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The two subsequent customer use cases illustrate the organizational benefits experienced in working with AWS.
AWS Customer Case Study 1: Western Digital Based in the United States, Western Digital (WD) is a computer hard disk drive manufacturer and data storage company. It develops, manufactures, and sells data technology products, such as storage devices and data center systems. In the past five years, WD has partnered with AWS to transform its design and engineering processes.
Challenge: In the electronics and semiconductors industry, speed and time-to-market for new product offerings are critical to achieve sustainable market success and overall business profitability. As a global electronics manufacturer, Western Digital was looking to overcome the following specific challenges around design and engineering:
• Longer lead times for new products
• Reducing cost of quality issues and minimizing business risks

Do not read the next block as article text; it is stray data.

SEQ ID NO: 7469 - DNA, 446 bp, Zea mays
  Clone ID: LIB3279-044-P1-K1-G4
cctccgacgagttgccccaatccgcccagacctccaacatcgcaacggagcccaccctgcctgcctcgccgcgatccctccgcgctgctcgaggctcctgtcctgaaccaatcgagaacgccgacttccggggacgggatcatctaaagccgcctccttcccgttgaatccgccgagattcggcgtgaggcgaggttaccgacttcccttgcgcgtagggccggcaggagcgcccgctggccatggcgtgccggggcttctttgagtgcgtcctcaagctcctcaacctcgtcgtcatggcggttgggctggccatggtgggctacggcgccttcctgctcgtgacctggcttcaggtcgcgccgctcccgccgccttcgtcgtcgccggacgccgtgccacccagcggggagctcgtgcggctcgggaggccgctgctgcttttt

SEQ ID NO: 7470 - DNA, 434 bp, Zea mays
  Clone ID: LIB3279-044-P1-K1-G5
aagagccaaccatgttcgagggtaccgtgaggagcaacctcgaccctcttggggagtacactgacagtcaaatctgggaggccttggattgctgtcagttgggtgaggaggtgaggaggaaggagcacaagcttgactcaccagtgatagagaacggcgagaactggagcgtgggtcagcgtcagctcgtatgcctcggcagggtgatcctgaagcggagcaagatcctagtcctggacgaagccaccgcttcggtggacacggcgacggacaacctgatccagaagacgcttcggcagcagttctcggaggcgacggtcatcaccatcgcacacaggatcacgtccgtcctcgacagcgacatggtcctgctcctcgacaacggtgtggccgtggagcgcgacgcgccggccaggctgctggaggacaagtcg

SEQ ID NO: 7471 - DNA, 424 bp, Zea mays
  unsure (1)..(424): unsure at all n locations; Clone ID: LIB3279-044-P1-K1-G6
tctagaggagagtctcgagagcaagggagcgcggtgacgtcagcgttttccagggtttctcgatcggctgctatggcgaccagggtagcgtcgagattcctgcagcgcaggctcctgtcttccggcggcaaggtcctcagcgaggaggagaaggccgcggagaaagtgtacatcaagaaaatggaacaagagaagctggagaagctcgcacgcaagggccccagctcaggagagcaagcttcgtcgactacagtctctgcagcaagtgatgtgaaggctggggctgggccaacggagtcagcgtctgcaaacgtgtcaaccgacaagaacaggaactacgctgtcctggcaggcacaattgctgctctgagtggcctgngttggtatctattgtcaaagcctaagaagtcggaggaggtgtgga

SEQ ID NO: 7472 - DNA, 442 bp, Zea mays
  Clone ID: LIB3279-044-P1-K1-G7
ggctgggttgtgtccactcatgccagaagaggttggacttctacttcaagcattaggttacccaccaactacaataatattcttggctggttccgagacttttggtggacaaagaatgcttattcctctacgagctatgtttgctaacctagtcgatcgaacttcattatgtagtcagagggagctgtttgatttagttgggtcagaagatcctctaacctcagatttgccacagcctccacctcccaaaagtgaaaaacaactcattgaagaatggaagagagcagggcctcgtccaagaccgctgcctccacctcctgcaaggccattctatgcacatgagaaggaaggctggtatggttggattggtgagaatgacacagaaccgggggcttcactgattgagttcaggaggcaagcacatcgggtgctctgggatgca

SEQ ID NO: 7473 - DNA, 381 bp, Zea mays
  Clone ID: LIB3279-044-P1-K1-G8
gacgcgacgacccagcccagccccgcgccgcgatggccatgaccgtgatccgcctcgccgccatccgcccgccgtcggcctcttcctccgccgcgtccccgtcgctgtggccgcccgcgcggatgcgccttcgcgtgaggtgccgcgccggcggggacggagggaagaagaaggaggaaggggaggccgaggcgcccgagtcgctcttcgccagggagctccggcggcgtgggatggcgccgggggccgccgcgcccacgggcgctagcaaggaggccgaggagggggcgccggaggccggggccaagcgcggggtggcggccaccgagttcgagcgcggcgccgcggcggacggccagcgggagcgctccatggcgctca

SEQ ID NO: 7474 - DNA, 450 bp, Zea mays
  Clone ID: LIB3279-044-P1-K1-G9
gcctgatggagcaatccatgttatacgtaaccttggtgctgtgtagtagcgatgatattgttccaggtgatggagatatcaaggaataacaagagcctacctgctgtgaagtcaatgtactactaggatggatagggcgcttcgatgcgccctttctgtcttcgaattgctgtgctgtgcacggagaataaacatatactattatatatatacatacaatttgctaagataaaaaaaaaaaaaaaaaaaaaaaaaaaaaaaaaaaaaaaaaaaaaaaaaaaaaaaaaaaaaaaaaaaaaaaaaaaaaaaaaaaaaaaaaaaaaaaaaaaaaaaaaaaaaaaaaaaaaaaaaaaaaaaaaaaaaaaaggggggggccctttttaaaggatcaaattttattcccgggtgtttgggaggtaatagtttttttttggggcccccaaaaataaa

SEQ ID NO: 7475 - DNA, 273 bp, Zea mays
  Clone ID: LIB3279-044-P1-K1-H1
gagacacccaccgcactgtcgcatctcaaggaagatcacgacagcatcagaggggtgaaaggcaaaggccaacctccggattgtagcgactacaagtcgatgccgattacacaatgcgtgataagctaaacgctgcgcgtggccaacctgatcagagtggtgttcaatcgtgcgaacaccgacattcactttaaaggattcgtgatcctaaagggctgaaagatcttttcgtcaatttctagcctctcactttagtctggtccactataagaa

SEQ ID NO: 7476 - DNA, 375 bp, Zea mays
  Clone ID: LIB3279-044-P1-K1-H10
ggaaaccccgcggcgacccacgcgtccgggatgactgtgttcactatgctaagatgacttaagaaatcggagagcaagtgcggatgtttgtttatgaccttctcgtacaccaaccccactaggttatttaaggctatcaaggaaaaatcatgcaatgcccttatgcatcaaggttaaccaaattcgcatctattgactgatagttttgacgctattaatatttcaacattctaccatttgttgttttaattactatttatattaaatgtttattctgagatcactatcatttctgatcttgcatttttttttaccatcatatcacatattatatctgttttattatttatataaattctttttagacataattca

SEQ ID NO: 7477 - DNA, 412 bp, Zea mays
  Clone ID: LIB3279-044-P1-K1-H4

• Inflexible IT systems
• Poorly utilized traditional CAD/CAE infrastructure, with high operational costs
Solution: WD worked with AWS to leverage cloud and optimize both its design and engineering operations. In using the AWS cloud platform and associated services, WD has been able to optimize clusters, design chambers, and scale up/down in minutes. The designers used thin clients, which had no local data, and pushed all heavy-end engineering work to the cloud. High-performance computing (HPC) capabilities allowed WD to perform remote rendering while encrypting the data in motion. Collaboration between designers was secure, regardless of their location worldwide.
Outcome: Since beginning its partnership with AWS, WD was able to shut down over 20 data centers and eliminate a co-location center, which previously experienced outages. It also created a fully redundant data lake environment on AWS S3 – protecting the company from potential data loss. Its engineering teams, manufacturing teams, and development teams analyzed immense amounts of data and used AWS SageMaker to identify and address process tuning issues. As stated by a WD executive, AWS helped “shape the compute to match the work to be done.”